There is renewed hope for one of Northern Ireland's most endangered birds after a record-breaking breeding season.
Sixty-nine curlew chicks were recorded at Glenwherry, County Antrim during 2022, said RSPB NI.
That is more than double the number that fledged from nests there in 2021.
The curlew is at risk of extinction in Northern Ireland within the next decade, with numbers declining by 82% since 1987.
Farmers and landowners have been given advice on habitat management to help support the ground-nesting species.
The number of curlews returning to breed in Glenwherry has declined in recent years.
Katie Gibb, RSPB NI's conservation officer for the area, said the 2022 results could mark a turning point.
"What this season means is that in the next five years we could have over 30 new pairs return to the area to breed, which would be a massive and healthy influx of young, fertile, new genetics for this population," she said.
"The number of chicks we have seen fledge this year is not just heartening, it is unequivocal proof that conservation and landscape-scale nature protection works, and should remain a priority in tackling the biodiversity crisis."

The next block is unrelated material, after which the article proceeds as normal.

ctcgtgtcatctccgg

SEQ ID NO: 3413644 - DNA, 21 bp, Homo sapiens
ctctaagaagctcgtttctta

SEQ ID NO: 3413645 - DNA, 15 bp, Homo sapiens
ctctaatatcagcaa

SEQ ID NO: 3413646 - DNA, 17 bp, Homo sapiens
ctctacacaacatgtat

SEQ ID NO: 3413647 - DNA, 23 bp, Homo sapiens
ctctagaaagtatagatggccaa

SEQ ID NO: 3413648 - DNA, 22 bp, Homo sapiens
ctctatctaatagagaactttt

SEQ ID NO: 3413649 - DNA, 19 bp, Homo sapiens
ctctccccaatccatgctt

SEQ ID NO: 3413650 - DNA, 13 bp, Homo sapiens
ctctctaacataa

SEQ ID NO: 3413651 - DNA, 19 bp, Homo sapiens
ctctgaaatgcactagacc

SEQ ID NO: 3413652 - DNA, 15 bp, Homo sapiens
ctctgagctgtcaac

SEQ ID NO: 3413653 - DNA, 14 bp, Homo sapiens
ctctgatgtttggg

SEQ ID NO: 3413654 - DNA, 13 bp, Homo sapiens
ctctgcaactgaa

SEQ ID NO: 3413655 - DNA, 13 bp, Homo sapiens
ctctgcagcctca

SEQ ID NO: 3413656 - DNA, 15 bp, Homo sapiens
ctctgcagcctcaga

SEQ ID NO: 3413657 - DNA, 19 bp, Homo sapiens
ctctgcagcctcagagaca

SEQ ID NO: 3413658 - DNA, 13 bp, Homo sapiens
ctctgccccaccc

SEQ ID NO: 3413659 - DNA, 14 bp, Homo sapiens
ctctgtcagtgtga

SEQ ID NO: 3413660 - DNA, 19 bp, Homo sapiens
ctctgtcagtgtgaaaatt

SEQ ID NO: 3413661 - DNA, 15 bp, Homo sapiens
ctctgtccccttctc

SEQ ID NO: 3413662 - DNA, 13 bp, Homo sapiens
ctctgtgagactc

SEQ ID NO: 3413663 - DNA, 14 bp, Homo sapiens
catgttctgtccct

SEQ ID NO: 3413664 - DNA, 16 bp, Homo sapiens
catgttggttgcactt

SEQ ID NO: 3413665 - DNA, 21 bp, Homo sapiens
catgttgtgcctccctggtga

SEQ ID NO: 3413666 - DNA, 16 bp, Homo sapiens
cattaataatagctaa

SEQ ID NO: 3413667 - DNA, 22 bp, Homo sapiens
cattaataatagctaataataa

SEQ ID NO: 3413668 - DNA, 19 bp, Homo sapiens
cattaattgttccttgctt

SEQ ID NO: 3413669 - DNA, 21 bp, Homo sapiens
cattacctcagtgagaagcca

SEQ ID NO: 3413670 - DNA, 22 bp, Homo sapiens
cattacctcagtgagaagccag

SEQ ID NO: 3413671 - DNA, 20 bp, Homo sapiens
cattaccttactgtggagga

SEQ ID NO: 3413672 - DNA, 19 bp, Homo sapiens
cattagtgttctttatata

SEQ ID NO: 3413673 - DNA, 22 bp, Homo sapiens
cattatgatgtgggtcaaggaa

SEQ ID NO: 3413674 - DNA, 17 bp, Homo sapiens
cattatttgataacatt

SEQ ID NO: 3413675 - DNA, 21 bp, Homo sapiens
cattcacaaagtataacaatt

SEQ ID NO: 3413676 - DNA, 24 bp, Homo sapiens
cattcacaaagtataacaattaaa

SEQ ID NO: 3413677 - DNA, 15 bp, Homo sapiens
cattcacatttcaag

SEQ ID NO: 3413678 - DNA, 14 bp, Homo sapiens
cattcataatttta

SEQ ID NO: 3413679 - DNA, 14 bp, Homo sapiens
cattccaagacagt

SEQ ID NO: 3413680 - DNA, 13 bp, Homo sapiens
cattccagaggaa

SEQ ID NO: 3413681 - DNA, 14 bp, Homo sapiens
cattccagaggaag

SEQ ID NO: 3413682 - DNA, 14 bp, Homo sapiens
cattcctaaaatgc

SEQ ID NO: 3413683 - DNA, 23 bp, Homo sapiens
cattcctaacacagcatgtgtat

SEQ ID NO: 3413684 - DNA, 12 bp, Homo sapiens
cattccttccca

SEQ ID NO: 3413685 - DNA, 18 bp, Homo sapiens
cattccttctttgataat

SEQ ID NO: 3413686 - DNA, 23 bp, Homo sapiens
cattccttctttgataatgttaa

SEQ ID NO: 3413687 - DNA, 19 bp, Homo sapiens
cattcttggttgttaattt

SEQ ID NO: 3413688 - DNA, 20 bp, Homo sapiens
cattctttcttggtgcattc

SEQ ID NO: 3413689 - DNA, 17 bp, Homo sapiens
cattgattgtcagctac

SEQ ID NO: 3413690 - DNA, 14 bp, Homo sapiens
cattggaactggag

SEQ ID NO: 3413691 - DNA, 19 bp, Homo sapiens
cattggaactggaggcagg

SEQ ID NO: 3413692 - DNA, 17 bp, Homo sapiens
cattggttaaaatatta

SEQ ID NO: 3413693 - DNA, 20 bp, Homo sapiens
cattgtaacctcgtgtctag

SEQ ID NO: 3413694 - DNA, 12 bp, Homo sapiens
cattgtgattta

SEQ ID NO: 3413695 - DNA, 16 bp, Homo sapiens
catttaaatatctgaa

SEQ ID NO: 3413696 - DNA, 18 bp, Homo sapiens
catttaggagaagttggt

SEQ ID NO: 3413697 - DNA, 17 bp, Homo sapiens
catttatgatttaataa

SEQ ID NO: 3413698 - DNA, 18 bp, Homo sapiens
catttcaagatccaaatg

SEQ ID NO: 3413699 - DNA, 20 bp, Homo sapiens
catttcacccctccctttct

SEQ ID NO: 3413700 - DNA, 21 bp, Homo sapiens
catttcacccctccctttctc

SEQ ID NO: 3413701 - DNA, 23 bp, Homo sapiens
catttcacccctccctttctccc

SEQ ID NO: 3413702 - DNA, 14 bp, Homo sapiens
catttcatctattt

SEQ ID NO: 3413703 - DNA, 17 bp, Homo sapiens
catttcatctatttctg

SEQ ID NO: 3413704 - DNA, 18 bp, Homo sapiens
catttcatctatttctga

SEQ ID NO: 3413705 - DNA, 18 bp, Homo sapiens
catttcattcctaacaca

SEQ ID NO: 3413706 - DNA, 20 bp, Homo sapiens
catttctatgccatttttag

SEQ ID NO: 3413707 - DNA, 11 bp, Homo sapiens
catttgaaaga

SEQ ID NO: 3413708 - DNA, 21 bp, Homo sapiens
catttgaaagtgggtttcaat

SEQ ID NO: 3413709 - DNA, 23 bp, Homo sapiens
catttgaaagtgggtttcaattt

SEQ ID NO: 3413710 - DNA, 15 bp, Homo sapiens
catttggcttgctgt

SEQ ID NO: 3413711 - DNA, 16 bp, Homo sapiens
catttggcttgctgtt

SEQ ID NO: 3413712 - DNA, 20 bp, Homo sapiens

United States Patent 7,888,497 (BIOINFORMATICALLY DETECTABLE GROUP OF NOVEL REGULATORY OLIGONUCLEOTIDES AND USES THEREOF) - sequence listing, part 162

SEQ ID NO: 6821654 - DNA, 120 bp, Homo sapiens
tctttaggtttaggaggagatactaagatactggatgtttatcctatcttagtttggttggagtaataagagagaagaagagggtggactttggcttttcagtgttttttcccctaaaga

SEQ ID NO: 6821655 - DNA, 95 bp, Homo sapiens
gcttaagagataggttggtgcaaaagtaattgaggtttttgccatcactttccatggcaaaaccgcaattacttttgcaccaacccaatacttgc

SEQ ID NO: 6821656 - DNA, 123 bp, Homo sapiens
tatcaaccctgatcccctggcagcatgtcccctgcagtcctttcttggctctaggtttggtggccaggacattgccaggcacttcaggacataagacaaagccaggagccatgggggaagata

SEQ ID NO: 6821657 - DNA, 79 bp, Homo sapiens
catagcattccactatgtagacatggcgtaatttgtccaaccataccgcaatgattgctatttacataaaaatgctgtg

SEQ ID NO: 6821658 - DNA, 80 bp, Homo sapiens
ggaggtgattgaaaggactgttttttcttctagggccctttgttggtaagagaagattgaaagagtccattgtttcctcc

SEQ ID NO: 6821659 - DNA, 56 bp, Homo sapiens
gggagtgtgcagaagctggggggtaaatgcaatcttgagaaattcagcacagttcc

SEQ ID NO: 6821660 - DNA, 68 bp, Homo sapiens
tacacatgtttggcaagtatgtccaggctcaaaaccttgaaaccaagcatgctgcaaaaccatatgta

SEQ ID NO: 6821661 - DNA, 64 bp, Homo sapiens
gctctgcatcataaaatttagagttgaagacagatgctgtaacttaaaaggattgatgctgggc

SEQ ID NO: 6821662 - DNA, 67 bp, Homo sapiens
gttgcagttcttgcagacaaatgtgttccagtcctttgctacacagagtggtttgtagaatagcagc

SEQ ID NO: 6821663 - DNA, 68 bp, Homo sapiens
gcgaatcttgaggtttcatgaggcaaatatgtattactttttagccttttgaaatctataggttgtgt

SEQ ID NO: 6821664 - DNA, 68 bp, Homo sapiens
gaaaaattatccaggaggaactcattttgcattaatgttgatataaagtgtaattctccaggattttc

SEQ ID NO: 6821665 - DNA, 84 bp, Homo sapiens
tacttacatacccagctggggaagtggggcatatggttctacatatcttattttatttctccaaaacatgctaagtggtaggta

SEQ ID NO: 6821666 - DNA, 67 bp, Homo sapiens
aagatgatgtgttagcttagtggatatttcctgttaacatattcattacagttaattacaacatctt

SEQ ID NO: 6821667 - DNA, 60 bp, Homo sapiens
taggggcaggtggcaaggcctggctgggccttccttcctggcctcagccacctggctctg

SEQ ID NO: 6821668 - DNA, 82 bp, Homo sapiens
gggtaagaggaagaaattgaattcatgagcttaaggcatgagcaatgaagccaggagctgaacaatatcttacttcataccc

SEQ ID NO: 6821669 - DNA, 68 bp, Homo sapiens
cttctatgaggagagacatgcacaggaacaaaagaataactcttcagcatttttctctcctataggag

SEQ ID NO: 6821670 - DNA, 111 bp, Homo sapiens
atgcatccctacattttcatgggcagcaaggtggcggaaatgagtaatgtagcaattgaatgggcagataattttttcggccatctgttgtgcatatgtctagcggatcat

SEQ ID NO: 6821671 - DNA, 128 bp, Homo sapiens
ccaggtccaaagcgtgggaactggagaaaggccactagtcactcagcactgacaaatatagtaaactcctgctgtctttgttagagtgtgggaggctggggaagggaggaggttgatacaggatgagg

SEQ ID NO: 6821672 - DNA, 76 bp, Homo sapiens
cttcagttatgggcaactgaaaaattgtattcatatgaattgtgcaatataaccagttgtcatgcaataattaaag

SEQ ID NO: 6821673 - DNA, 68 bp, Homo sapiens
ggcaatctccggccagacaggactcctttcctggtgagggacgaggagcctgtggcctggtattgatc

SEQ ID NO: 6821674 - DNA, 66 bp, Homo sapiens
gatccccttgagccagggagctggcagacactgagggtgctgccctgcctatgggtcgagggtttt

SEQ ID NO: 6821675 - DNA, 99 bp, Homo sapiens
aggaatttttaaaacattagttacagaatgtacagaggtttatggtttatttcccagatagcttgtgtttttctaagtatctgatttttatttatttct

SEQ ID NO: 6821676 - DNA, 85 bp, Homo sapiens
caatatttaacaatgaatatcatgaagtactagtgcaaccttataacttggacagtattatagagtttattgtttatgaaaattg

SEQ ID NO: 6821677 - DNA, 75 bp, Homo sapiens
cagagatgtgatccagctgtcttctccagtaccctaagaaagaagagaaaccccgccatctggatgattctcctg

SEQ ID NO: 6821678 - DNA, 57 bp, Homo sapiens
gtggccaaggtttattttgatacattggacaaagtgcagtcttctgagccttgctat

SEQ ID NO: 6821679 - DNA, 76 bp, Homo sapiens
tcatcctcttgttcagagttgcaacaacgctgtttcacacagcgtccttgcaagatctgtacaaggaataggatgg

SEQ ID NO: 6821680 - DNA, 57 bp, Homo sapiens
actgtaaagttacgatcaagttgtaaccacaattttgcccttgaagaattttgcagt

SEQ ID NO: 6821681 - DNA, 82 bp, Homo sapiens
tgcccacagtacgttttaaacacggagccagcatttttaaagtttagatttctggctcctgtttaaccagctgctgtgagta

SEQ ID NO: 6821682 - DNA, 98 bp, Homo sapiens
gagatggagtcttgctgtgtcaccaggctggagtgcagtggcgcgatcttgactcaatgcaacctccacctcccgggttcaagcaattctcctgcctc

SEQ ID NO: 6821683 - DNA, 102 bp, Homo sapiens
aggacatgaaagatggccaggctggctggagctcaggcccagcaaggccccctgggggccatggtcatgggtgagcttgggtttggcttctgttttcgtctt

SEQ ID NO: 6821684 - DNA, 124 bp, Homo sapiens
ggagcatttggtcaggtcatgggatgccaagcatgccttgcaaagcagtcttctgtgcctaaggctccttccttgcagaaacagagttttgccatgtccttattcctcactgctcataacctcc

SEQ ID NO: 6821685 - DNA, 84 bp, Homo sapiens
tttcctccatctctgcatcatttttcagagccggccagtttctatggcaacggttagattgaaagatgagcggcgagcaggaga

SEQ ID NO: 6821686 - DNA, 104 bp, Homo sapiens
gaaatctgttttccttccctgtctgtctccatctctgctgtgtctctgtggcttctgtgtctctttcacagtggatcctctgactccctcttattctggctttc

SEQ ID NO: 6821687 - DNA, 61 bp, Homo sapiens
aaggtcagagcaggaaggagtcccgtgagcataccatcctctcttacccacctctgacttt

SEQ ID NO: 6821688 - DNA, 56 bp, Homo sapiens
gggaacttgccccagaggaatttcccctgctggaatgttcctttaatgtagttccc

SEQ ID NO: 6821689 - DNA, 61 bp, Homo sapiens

'Game-changer for conservation'
Those protection works include helping farmers implement more nature-friendly practices through DAERA's Environmental Farming Scheme and support from projects like Curlews in Crisis.
Temporary electrified fences were installed around nest sites to protect the birds from ground predators. There were also targeted measures to control the number of other predators.
"It really is a case of every chick counts when it comes to curlew in Northern Ireland," Ms Gibb said.
She said in the last year the team at Glenwherry had installed the highest number of targeted nest fences - which protect nesting chicks from predators - at a single site in the UK.
"The fences, and knowledge of the pairs gathered from previous seasons, have been a game-changer for curlew conservation on our site," she added.
She described the increase in hatching rates, from about 40% to 70%, as marking "a real turning of the tide for curlew conservation on the Antrim Plateau".
Almost 8,000 hectares in the plateau, which include Glenwherry and the Antrim Hills, were surveyed to find the nests for monitoring.
In County Fermanagh, another 11 chicks were recorded as successfully leaving the nest at the Lower Lough Erne RSPB NI reserve, with four of the broods hatching on the same day on the same island.
The charity's estate manager, Amy Burns, said there could be more, because the terrain of islands, scattered across the lough, is difficult to monitor accurately.
"A total of 23 pairs of curlew were recorded hatching young this season in this area, with 18 nests located, 17 of which successfully hatched full clutches," she said.